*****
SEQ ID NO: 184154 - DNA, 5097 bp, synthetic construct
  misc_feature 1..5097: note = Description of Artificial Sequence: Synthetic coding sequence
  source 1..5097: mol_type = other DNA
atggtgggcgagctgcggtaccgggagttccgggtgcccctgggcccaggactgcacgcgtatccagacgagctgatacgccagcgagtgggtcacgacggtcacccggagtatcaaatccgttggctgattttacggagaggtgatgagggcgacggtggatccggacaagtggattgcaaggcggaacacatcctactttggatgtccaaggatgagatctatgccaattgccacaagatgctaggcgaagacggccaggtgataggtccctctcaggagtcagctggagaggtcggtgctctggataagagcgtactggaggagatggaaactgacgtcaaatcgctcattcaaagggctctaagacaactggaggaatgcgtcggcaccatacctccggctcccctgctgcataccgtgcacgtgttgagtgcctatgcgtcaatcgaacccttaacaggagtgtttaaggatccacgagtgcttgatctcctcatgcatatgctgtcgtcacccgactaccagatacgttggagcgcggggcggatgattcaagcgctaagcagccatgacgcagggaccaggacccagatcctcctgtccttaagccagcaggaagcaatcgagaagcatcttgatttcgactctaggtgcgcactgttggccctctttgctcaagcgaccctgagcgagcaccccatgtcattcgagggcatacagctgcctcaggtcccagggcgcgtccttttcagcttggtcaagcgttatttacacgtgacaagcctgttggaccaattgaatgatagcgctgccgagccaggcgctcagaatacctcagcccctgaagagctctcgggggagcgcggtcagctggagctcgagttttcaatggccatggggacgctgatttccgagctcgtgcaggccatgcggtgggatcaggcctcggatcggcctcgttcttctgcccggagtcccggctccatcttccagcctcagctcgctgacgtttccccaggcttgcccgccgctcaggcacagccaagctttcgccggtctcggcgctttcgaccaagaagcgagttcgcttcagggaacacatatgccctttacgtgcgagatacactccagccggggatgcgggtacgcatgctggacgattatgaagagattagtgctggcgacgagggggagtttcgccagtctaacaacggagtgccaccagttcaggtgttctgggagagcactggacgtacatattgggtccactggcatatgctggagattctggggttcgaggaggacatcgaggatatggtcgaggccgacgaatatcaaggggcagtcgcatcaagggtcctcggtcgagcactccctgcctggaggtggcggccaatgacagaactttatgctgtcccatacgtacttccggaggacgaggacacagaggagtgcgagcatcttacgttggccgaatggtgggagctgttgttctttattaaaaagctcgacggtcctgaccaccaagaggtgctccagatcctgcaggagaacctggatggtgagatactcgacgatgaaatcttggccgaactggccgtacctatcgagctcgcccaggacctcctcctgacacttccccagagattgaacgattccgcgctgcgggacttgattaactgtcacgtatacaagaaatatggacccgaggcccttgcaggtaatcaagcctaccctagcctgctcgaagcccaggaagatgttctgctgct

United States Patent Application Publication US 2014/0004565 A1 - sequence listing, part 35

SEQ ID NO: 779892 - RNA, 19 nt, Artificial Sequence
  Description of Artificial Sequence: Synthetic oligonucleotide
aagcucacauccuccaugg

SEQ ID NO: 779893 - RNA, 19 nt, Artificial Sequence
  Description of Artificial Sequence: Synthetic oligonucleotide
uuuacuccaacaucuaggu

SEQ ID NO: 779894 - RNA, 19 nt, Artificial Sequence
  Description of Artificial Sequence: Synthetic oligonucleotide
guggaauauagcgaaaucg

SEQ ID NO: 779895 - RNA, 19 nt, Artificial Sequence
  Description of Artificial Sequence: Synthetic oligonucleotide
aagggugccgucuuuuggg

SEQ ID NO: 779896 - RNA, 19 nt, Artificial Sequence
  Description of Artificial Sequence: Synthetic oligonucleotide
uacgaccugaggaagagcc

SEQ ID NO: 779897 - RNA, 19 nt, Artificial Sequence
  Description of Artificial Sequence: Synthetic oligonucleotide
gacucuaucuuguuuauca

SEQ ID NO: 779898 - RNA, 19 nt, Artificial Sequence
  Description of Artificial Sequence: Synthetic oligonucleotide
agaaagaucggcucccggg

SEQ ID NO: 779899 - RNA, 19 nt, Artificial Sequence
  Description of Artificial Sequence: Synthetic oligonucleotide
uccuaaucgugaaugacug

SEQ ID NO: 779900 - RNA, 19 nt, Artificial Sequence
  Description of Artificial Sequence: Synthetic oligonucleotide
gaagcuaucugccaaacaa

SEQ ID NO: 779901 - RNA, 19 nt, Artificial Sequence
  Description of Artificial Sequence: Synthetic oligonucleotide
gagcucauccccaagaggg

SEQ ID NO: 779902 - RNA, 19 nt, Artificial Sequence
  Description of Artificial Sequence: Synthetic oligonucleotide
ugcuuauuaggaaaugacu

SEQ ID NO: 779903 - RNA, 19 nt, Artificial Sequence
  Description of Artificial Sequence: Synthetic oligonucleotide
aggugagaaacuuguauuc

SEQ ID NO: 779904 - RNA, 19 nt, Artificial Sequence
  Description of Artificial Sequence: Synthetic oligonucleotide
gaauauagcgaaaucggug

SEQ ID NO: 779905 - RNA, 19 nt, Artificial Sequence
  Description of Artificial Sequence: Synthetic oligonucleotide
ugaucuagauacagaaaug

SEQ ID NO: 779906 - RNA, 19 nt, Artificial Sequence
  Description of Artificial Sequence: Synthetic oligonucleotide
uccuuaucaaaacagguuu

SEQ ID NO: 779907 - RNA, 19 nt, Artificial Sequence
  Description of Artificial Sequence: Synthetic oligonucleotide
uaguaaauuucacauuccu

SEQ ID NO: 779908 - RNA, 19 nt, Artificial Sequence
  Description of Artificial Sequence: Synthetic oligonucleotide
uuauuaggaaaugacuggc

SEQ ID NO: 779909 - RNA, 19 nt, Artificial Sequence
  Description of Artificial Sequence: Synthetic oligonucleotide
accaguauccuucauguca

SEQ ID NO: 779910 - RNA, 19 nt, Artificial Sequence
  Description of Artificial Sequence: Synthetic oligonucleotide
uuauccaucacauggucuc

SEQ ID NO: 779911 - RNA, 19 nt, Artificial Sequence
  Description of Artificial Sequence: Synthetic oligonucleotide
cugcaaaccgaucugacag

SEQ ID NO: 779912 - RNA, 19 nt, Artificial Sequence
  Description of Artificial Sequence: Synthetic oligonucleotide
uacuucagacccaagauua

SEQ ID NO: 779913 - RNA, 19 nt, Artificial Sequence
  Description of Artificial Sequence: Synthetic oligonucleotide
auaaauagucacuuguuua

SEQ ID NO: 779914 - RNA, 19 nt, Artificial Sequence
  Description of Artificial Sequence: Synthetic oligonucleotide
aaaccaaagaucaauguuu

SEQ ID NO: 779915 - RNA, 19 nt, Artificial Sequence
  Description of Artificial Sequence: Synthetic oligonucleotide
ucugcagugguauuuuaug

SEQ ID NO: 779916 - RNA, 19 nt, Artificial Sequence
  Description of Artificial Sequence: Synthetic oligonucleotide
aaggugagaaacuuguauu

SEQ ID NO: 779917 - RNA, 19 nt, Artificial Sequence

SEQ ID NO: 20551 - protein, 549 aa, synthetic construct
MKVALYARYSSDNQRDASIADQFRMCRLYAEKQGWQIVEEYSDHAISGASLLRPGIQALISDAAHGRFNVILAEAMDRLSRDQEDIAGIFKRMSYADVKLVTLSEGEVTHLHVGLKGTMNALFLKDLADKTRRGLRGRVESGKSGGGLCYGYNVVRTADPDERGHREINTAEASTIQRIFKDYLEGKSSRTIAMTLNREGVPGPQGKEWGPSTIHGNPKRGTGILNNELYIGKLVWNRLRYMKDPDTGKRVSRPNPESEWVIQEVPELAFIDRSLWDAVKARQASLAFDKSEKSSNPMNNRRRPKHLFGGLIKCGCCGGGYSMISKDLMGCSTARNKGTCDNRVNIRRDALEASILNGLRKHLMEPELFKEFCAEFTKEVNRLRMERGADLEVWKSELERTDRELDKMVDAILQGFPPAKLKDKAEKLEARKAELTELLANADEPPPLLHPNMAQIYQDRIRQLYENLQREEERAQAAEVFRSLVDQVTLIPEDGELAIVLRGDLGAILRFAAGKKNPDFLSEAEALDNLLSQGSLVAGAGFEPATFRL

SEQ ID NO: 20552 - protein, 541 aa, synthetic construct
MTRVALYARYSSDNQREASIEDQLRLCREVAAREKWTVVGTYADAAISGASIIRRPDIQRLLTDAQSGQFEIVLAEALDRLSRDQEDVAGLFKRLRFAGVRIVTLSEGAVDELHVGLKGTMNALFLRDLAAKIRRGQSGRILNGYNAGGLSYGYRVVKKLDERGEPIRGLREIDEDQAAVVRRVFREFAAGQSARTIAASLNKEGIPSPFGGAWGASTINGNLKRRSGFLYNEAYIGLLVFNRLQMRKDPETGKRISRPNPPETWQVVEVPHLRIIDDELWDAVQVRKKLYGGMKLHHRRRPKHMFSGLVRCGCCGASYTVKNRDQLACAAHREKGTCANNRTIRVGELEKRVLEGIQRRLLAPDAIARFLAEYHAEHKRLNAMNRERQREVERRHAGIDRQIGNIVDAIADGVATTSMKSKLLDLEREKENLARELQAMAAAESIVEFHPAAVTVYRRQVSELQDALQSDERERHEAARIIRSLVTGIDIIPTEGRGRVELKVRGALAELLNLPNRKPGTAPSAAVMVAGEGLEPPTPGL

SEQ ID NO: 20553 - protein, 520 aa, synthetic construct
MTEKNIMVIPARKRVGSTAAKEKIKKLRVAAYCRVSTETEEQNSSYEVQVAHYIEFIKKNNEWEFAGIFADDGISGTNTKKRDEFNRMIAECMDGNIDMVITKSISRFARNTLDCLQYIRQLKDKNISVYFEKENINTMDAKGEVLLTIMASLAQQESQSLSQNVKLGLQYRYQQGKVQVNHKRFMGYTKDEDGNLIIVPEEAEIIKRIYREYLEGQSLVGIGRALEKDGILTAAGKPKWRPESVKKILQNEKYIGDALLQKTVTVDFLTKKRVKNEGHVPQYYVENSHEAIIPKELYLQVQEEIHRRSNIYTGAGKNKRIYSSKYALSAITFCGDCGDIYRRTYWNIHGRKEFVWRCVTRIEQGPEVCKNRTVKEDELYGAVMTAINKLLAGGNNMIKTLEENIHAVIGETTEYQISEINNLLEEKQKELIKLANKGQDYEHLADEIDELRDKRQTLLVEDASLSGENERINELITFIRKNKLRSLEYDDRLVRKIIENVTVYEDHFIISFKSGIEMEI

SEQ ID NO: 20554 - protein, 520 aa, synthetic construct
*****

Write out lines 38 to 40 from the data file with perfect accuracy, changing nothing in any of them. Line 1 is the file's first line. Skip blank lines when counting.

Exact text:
ugcuuauuaggaaaugacu

SEQ ID NO: 779903 - RNA, 19 nt, Artificial Sequence
  Description of Artificial Sequence: Synthetic oligonucleotide